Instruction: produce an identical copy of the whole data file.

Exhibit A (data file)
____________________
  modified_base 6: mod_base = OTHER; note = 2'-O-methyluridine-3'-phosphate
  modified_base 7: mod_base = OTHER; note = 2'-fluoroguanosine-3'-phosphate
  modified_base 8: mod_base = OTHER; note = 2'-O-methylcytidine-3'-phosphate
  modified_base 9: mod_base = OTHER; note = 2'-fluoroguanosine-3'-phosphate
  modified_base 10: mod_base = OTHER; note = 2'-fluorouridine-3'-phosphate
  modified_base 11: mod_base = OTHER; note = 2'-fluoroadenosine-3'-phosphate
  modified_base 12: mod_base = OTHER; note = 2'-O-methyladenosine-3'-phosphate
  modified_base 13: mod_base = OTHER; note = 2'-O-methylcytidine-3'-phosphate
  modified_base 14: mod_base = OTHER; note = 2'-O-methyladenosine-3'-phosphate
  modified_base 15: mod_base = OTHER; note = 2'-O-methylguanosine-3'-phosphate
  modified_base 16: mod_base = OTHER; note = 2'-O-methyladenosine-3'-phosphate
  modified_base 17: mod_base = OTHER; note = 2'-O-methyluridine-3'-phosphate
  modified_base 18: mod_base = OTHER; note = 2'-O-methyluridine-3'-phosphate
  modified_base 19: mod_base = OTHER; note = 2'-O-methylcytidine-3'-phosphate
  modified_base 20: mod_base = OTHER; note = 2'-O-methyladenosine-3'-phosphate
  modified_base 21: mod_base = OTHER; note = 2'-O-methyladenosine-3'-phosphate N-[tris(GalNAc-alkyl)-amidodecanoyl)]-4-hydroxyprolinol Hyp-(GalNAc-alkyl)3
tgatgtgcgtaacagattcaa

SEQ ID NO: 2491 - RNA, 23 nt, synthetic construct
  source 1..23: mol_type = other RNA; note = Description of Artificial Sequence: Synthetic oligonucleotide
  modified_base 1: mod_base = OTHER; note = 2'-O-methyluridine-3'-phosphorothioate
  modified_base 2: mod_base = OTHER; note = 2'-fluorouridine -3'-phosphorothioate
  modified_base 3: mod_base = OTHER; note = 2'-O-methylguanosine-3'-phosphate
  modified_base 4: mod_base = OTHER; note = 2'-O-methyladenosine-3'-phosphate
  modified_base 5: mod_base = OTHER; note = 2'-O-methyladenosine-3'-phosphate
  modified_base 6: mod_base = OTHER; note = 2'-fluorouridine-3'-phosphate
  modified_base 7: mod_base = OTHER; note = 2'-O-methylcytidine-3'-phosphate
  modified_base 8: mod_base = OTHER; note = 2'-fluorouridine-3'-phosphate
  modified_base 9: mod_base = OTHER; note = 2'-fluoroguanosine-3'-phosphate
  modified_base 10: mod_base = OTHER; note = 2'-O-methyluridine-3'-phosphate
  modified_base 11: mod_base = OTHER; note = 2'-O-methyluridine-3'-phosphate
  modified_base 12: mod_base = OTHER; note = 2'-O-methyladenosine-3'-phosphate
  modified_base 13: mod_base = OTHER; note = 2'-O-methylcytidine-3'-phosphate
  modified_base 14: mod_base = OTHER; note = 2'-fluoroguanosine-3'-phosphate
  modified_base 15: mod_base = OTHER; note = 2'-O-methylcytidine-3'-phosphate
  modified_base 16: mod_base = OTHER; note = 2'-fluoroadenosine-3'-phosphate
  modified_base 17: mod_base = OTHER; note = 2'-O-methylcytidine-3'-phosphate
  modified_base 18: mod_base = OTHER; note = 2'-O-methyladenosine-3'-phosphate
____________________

  modified_base 6: mod_base = OTHER; note = 2'-O-methyluridine-3'-phosphate
  modified_base 7: mod_base = OTHER; note = 2'-fluoroguanosine-3'-phosphate
  modified_base 8: mod_base = OTHER; note = 2'-O-methylcytidine-3'-phosphate
  modified_base 9: mod_base = OTHER; note = 2'-fluoroguanosine-3'-phosphate
  modified_base 10: mod_base = OTHER; note = 2'-fluorouridine-3'-phosphate
  modified_base 11: mod_base = OTHER; note = 2'-fluoroadenosine-3'-phosphate
  modified_base 12: mod_base = OTHER; note = 2'-O-methyladenosine-3'-phosphate
  modified_base 13: mod_base = OTHER; note = 2'-O-methylcytidine-3'-phosphate
  modified_base 14: mod_base = OTHER; note = 2'-O-methyladenosine-3'-phosphate
  modified_base 15: mod_base = OTHER; note = 2'-O-methylguanosine-3'-phosphate
  modified_base 16: mod_base = OTHER; note = 2'-O-methyladenosine-3'-phosphate
  modified_base 17: mod_base = OTHER; note = 2'-O-methyluridine-3'-phosphate
  modified_base 18: mod_base = OTHER; note = 2'-O-methyluridine-3'-phosphate
  modified_base 19: mod_base = OTHER; note = 2'-O-methylcytidine-3'-phosphate
  modified_base 20: mod_base = OTHER; note = 2'-O-methyladenosine-3'-phosphate
  modified_base 21: mod_base = OTHER; note = 2'-O-methyladenosine-3'-phosphate N-[tris(GalNAc-alkyl)-amidodecanoyl)]-4-hydroxyprolinol Hyp-(GalNAc-alkyl)3
tgatgtgcgtaacagattcaa

SEQ ID NO: 2491 - RNA, 23 nt, synthetic construct
  source 1..23: mol_type = other RNA; note = Description of Artificial Sequence: Synthetic oligonucleotide
  modified_base 1: mod_base = OTHER; note = 2'-O-methyluridine-3'-phosphorothioate
  modified_base 2: mod_base = OTHER; note = 2'-fluorouridine -3'-phosphorothioate
  modified_base 3: mod_base = OTHER; note = 2'-O-methylguanosine-3'-phosphate
  modified_base 4: mod_base = OTHER; note = 2'-O-methyladenosine-3'-phosphate
  modified_base 5: mod_base = OTHER; note = 2'-O-methyladenosine-3'-phosphate
  modified_base 6: mod_base = OTHER; note = 2'-fluorouridine-3'-phosphate
  modified_base 7: mod_base = OTHER; note = 2'-O-methylcytidine-3'-phosphate
  modified_base 8: mod_base = OTHER; note = 2'-fluorouridine-3'-phosphate
  modified_base 9: mod_base = OTHER; note = 2'-fluoroguanosine-3'-phosphate
  modified_base 10: mod_base = OTHER; note = 2'-O-methyluridine-3'-phosphate
  modified_base 11: mod_base = OTHER; note = 2'-O-methyluridine-3'-phosphate
  modified_base 12: mod_base = OTHER; note = 2'-O-methyladenosine-3'-phosphate
  modified_base 13: mod_base = OTHER; note = 2'-O-methylcytidine-3'-phosphate
  modified_base 14: mod_base = OTHER; note = 2'-fluoroguanosine-3'-phosphate
  modified_base 15: mod_base = OTHER; note = 2'-O-methylcytidine-3'-phosphate
  modified_base 16: mod_base = OTHER; note = 2'-fluoroadenosine-3'-phosphate
  modified_base 17: mod_base = OTHER; note = 2'-O-methylcytidine-3'-phosphate
  modified_base 18: mod_base = OTHER; note = 2'-O-methyladenosine-3'-phosphate